Hospital executives already lie awake at night worrying about Recovery Audit Contractor audits (RACs), whistleblowers, treble damage recoveries, and $5,500-per-false-invoice penalties.  Now they can add personal criminal indictment to the list—that is, if they plan to falsely certify “meaningful use” of electronic health records (EHRs) and to do so in some other hospital officer’s name.

The former CFO of a now-defunct Texas hospital has been criminally indicted by the feds for falsely certifying that his hospital was entitled to $785,000 under the 2009 stimulus package because it met the EHR meaningful use standard.

It turned out that (a) the hospital had not met the standard and (b) the CFO falsely signed the name of the administrator in charge of attestation.  Why did the CFO impersonate the administrator?  Because the administrator wouldn’t sign the false certification.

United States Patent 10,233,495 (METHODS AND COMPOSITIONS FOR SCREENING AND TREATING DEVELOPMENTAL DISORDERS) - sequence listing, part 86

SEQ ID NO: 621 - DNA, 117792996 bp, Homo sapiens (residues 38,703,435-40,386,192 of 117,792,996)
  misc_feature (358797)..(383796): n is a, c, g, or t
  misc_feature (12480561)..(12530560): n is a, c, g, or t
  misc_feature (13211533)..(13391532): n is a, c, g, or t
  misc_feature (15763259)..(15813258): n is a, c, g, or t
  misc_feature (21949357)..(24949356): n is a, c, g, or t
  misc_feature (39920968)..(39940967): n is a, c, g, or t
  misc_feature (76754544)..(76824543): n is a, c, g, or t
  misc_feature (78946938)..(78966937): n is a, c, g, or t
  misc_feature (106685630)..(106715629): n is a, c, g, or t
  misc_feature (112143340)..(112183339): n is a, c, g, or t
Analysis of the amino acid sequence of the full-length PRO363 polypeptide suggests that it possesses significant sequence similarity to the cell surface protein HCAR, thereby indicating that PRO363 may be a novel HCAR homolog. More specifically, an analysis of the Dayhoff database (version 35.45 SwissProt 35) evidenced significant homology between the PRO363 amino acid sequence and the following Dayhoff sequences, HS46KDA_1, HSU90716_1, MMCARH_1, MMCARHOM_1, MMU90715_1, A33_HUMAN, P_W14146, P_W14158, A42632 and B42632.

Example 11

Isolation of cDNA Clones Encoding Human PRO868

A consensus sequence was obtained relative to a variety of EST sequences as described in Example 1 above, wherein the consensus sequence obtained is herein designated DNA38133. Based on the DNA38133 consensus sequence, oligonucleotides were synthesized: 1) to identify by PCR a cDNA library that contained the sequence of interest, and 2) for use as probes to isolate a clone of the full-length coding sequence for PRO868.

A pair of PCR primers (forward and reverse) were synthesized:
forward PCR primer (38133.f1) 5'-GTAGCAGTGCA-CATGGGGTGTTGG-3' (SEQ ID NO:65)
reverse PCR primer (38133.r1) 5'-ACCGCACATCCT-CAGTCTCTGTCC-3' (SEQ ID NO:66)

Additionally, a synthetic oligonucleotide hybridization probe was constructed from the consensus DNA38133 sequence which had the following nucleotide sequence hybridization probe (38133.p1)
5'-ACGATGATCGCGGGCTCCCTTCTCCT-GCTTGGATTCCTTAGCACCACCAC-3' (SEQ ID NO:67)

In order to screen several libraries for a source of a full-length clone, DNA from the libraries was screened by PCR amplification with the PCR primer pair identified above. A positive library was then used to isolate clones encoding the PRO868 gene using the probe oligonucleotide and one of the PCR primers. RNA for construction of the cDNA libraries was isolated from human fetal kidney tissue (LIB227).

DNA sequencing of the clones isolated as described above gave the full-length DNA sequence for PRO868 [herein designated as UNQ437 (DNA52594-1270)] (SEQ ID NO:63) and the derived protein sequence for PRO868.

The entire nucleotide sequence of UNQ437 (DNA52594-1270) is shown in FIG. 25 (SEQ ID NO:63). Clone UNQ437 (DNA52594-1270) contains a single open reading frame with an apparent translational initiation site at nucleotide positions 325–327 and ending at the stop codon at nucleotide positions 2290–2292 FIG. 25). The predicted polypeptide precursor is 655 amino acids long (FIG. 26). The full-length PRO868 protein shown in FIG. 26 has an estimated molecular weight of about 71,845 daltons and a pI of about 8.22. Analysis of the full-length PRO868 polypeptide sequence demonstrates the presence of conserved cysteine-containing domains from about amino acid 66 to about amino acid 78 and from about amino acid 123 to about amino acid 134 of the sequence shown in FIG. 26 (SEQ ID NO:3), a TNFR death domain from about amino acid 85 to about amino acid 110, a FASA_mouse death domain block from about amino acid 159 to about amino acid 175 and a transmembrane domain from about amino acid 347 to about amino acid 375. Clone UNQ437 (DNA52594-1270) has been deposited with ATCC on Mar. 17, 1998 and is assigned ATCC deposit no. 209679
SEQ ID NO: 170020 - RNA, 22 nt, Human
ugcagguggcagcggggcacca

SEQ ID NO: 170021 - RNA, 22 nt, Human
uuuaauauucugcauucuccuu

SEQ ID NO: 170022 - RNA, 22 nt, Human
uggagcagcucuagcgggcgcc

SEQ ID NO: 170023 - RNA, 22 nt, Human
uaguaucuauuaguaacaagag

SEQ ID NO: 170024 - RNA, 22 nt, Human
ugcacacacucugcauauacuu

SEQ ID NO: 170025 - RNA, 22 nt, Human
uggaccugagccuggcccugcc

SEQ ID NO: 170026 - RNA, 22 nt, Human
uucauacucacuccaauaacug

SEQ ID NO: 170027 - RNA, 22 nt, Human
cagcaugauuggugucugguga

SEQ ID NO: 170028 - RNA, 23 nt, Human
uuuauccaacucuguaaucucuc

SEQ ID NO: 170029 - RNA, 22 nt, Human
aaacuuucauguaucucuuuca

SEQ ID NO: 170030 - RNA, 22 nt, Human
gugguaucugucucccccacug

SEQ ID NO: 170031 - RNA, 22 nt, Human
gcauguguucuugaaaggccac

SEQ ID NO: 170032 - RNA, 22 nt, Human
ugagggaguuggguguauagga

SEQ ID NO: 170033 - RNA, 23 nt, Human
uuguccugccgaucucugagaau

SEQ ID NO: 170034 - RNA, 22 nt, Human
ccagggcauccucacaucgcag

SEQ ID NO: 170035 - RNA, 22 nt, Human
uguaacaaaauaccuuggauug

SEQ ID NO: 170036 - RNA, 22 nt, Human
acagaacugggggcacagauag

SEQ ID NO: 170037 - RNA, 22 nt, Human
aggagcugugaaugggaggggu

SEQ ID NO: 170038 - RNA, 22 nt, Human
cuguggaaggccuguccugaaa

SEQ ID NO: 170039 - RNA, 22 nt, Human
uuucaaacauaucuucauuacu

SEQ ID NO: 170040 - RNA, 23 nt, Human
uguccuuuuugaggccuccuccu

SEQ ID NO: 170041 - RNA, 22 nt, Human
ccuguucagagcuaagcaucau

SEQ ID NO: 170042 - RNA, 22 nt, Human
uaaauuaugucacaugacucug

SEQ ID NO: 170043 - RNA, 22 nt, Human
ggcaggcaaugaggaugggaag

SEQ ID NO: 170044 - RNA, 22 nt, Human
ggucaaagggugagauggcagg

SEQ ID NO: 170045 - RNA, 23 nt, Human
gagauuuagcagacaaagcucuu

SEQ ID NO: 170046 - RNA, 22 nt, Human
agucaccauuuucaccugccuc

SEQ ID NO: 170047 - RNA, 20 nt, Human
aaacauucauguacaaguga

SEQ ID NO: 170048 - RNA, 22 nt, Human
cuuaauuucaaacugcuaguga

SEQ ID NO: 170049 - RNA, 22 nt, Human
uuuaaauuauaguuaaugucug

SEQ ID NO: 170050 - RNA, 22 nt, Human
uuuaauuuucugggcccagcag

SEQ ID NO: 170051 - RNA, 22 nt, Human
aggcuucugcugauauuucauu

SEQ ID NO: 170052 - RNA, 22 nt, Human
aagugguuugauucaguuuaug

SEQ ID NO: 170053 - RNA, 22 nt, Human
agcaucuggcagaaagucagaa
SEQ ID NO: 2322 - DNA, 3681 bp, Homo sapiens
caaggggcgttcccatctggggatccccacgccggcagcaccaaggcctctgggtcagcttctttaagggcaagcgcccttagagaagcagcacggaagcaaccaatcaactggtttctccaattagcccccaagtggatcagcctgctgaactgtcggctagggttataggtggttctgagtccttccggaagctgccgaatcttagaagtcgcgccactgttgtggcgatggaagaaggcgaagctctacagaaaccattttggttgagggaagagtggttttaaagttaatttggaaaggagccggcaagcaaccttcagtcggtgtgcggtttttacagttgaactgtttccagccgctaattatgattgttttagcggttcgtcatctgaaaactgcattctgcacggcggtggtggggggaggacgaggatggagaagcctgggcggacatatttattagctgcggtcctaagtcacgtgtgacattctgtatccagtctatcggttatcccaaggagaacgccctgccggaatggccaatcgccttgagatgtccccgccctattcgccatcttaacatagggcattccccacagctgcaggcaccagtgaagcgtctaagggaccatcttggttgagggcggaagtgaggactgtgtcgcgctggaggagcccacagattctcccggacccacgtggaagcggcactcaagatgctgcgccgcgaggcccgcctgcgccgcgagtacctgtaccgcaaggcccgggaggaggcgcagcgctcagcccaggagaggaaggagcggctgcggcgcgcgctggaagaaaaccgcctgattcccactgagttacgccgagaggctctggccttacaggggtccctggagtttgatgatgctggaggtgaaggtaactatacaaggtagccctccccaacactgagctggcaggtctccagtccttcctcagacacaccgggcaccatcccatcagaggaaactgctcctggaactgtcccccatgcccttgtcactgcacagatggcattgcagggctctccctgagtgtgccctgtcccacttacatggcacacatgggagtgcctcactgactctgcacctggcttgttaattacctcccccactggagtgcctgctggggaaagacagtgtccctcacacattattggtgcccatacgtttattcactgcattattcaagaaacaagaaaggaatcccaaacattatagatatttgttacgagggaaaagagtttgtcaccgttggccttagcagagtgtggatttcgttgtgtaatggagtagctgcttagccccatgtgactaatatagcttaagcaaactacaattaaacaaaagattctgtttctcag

One practical take-away for hospitals (beyond the obvious ones:  don’t make false certifications and don’t pretend to be someone you’re not) is that EHR meaningful use is yet another area that should be added to the hospital’s compliance program and annual internal audit plan.